It can be very scary approaching a Dominant and asking them to play with you. The butterflies in your belly can make it very difficult to take that first step. It can be every worse if you two don't negotiate the scene so that you get what you want out of it and s/he does too. Negotiating a scene is different than negotiating a relationship. I will be covering the play negotiation in this essay.  Negotiating play is vital for new players or for those who have never played together. Once you get to know someone it is likely that unless you have something you'd really like to experience you can forego some negotiation for spontaneity.

When you are ready to negotiate with someone have in mind what you would like to experience. You can be as specific as you'd like to be. Express what turns you on and what things you have tried in the past that really did it for you. Tell them your limits, and if you don't know your limits it's best if you go back to do your checklist again. It will give you a clue as to what you can and can't do as well as things that just aren't appealing.

Negotiating pre-scene can include (from wikipedia):

Arrangement of Roles - who will be the top and the bottom, participation of any other observers, and the way partners address each other;

Expectations and needs of both partners - likes and dislikes of submissive and dominant partners and the ability to fulfill each other's needs;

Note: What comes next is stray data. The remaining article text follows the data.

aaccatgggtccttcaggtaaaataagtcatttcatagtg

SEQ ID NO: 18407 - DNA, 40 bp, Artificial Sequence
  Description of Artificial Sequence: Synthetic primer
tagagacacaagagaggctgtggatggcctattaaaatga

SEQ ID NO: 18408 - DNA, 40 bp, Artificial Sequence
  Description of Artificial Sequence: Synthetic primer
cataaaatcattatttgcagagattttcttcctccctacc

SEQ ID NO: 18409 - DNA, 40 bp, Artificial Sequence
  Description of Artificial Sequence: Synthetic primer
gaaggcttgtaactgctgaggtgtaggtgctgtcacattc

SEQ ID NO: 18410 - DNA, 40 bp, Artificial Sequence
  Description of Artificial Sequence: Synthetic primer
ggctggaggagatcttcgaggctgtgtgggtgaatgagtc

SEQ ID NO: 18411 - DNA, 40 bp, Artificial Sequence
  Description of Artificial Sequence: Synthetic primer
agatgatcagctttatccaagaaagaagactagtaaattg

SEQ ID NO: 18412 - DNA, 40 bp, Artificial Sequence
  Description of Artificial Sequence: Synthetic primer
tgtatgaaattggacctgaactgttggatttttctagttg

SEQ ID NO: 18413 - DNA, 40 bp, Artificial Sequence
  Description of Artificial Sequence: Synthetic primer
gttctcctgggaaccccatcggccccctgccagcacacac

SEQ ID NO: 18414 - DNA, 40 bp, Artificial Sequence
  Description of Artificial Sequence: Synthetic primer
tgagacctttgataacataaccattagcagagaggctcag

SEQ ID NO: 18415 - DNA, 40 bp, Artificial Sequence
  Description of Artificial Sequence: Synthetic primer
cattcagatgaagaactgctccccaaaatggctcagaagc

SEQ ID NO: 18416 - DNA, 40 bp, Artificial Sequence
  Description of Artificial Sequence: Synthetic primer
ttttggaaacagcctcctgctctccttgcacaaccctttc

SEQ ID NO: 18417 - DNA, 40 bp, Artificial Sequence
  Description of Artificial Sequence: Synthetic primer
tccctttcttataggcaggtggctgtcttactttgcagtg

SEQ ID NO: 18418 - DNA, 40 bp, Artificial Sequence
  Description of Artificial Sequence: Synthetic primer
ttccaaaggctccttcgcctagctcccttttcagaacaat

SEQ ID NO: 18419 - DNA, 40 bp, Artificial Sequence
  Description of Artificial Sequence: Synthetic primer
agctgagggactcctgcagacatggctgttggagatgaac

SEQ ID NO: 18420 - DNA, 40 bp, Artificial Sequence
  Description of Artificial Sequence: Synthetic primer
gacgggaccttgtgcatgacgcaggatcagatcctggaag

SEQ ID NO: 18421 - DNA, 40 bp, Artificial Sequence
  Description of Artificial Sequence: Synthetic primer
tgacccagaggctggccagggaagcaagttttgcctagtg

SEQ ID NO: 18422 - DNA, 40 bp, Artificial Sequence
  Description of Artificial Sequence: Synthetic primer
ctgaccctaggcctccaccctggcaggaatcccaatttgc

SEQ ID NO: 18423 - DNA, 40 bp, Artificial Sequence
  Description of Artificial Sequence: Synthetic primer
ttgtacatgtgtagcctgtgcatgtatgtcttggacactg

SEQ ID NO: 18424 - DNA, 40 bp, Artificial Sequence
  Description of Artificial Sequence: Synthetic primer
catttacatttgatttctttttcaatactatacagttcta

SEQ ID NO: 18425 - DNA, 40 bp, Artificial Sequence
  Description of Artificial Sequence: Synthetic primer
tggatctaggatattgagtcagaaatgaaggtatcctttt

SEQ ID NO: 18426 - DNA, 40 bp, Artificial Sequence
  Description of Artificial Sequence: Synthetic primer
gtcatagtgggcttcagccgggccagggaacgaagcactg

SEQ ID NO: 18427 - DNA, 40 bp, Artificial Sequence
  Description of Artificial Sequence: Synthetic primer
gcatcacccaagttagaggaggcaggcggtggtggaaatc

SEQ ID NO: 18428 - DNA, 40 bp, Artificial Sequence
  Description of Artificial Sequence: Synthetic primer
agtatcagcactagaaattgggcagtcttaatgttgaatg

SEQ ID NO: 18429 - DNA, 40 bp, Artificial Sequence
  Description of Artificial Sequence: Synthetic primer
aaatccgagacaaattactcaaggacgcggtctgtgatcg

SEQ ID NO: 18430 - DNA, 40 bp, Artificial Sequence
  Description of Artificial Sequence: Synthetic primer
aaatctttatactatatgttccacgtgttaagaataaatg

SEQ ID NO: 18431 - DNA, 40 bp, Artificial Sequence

Limits of the scene - boundaries that are set to define what experience is acceptable within psychological (such as humiliation, obedience or verbal violation) and physical limits (such as pain, marks and resistance to various influences);

Types of play - practices that would be included in a scene: bondage, role-playing, spanking or sensory deprivation;

BDSM Gear and attire - what materials, adult toys and fetish wear will be used;

Duration of the scene - at what time the play starts and ends, who will be in charge of the time;

Health concerns - talking over existent health problems: allergies, chronic diseases, STD's, taking any medications and other;

Safety measures - any safety tools to prevent situations when something goes wrong;

Sexual contact - what type of sexual activity is accepted if any;

Safe words - one or set of verbal and non-verbal signs that will be used to stop the play or slow it down.

  • Arrangement of Roles - who will be the top and the bottom, participation of any other observers, and the way partners address each other;
  • Expectations and needs of both partners - likes and dislikes of submissive and dominant partners and the ability to fulfill each other's needs;
  • Limits of the scene - boundaries that are set to define what experience is acceptable within psychological (such as humiliation, obedience or verbal violation) and physical limits (such as pain, marks, and resistance to various influences);
  • Types of play - practices that would be included in a scene: bondage, role-playing, spanking or sensory deprivation;
  • BDSM Gear and attire - what materials, adult toys and fetish wear will be used;
  • Duration of the scene - at what time the play starts and ends, who will be in charge of the time;
  • Health concerns - talking over existent health problems: allergies, chronic diseases, STD's, taking any medications and other;
  • Safety measures - any safety tools to prevent situations when something goes wrong;
  • Sexual contact - what type of sexual activity is accepted if any;
  • Safe words - one or set of verbal and non-verbal signs that will be used to stop the play or slow it down.